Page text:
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February 1970

Laryngoscope for Microscopic Observation, Surgery, and Photography: The Development of an Instrument

Author Affiliations

From the Boston University School of Medicine and the University Hospital, Boston, and the Melrose-Wakefield Hospital, Melrose, Mass.

Arch Otolaryngol. 1970;91(2):196-199. doi:10.1001/archotol.1970.00770040266019

SINCE Czermak, in 1858, developed the technique of indirect laryngoscopy and Kirsten, in 1894, the technique of direct laryngoscopy, the instruments for laryngoscopy have gone through a great evolution.1 The perfection of old instruments and the development of new ones has made direct laryngoscopy a more useful diagnostic and therapeutic tool; the development of modern anesthetic techniques now allows endoscopy to be done with more precision and convenience.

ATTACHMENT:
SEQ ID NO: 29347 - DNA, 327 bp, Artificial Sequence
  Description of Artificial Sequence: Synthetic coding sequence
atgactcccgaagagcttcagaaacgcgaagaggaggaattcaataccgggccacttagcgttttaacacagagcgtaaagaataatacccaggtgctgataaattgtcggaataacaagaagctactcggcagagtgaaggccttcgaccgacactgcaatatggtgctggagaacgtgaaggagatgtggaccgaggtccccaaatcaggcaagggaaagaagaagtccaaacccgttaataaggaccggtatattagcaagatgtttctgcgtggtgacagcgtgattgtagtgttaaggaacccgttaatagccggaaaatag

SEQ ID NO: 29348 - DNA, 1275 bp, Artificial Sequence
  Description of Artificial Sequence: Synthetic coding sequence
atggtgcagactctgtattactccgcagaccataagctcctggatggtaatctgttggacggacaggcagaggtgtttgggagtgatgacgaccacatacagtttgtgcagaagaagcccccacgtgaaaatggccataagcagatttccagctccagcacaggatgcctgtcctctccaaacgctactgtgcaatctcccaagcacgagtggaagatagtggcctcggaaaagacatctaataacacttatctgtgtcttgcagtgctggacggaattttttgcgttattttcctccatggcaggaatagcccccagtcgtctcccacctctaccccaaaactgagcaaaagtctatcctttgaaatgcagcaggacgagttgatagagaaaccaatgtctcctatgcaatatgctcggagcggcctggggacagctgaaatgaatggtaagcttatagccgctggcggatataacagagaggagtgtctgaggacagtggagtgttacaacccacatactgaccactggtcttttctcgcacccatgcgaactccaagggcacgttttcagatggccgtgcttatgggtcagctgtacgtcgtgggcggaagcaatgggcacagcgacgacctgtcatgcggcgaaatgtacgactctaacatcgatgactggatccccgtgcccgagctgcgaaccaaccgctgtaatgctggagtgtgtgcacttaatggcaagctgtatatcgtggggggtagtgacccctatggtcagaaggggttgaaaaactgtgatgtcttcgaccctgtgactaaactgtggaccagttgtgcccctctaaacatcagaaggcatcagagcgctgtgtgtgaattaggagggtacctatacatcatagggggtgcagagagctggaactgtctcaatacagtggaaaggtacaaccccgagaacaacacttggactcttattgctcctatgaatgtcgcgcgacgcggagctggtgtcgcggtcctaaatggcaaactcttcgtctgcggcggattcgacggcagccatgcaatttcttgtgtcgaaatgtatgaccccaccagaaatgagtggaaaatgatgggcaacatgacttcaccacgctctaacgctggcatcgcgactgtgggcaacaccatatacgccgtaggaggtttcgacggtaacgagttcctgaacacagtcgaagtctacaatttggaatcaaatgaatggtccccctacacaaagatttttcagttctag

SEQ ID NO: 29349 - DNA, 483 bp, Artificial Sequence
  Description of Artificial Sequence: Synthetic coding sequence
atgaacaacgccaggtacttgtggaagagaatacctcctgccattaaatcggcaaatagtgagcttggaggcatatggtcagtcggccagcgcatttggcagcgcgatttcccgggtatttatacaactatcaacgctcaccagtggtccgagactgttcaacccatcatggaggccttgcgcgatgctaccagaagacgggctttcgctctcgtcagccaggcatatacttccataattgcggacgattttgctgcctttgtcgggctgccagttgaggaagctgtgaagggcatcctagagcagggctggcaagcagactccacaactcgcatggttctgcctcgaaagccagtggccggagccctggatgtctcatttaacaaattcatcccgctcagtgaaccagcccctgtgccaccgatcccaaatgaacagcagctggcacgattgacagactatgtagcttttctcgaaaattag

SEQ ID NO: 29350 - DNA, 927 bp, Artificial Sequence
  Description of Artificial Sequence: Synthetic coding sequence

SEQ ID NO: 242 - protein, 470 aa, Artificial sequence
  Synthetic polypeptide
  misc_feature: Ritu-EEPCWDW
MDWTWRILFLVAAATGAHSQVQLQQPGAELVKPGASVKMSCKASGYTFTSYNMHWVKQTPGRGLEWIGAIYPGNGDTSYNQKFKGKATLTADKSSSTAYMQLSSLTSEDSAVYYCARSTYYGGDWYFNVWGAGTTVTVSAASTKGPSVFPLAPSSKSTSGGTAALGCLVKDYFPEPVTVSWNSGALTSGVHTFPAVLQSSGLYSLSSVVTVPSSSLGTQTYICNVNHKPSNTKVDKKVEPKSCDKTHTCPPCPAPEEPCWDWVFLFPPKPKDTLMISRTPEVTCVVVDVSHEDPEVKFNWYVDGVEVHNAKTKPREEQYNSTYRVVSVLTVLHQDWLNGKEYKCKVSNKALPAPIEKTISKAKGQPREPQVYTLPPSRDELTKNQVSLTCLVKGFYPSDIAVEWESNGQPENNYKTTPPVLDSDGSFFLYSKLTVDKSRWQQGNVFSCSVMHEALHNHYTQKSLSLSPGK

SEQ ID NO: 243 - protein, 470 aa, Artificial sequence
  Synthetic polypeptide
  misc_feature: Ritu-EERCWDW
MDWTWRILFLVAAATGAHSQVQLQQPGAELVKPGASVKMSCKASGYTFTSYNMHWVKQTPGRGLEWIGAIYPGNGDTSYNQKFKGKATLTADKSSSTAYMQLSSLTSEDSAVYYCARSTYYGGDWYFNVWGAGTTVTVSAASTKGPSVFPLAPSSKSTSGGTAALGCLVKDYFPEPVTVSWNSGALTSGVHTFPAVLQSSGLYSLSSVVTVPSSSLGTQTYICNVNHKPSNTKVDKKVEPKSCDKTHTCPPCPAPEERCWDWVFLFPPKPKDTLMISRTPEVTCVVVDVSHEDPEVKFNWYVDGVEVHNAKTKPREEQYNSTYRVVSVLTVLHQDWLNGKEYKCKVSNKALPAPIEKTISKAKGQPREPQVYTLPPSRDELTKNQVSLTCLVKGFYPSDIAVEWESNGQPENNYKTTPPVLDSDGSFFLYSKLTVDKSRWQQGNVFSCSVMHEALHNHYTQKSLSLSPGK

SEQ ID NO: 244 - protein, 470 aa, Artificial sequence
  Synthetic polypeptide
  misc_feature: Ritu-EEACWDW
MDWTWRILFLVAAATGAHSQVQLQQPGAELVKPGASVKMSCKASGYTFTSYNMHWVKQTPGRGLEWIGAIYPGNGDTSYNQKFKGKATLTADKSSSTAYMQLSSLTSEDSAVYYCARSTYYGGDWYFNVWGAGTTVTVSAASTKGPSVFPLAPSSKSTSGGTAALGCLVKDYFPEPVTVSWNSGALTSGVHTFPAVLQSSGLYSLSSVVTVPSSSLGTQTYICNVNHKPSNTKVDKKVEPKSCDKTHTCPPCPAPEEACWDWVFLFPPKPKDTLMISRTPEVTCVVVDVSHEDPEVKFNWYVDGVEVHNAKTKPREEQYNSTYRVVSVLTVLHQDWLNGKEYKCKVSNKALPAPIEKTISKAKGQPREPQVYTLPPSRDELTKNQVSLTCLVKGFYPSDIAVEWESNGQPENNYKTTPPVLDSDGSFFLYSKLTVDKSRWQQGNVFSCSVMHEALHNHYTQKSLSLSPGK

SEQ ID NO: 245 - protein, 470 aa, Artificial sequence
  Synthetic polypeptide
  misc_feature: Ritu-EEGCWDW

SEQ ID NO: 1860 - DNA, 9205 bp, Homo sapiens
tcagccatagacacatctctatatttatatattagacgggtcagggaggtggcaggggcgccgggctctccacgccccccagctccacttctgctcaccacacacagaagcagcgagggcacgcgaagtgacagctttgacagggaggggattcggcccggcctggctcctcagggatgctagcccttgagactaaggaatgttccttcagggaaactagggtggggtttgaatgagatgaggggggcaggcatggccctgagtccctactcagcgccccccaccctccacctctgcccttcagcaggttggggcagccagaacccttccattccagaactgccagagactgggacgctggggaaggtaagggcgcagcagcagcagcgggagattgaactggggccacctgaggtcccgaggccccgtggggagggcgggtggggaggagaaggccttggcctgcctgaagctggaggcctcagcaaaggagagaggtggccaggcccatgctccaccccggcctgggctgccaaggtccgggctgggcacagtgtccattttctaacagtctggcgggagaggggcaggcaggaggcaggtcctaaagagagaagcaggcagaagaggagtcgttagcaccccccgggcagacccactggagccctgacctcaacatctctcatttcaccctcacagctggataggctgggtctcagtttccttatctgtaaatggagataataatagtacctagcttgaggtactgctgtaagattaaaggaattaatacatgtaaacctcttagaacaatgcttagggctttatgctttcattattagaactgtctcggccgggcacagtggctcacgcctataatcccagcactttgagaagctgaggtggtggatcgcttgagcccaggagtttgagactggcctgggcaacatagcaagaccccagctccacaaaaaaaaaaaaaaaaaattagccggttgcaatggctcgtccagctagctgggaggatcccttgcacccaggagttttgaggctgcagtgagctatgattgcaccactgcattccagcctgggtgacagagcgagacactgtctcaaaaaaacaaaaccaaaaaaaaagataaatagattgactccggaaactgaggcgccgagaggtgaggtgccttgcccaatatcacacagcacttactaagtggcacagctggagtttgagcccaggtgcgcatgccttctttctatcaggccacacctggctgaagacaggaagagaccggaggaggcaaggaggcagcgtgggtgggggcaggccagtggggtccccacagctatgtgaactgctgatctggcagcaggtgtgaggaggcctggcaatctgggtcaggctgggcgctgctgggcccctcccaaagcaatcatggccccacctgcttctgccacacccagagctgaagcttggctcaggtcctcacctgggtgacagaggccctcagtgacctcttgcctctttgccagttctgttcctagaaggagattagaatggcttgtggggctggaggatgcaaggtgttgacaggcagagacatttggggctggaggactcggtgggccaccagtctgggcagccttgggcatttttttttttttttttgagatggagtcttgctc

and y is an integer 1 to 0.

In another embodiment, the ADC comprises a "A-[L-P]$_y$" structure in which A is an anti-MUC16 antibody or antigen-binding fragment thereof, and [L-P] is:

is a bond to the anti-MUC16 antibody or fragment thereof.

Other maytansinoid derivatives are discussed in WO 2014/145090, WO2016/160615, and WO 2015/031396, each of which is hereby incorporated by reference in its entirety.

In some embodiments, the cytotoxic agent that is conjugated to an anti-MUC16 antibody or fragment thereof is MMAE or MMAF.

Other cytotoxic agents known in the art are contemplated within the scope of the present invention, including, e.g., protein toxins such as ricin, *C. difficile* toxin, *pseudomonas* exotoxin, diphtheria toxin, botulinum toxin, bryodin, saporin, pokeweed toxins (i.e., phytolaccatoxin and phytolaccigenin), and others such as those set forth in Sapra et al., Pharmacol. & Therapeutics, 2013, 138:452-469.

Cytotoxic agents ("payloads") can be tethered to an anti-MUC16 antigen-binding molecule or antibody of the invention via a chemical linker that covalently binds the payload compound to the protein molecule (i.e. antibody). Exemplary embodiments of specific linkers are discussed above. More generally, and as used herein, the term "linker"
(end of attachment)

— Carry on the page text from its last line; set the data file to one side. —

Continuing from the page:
Magnification for endolaryngeal work was first used by Briinnings and Yankauer in the early years of this century. The method did not then become popular, probably because of difficulties with monocular vision and the discomfort of the patient. The operator was forced to choose a technique which would most quickly finish the procedure.

Due to the small inside diameter, most laryngoscopes allow only monocular vision. Yankauer designed a laryngoscope for binocular vision (Fig 1), but this did not have wide acceptance.

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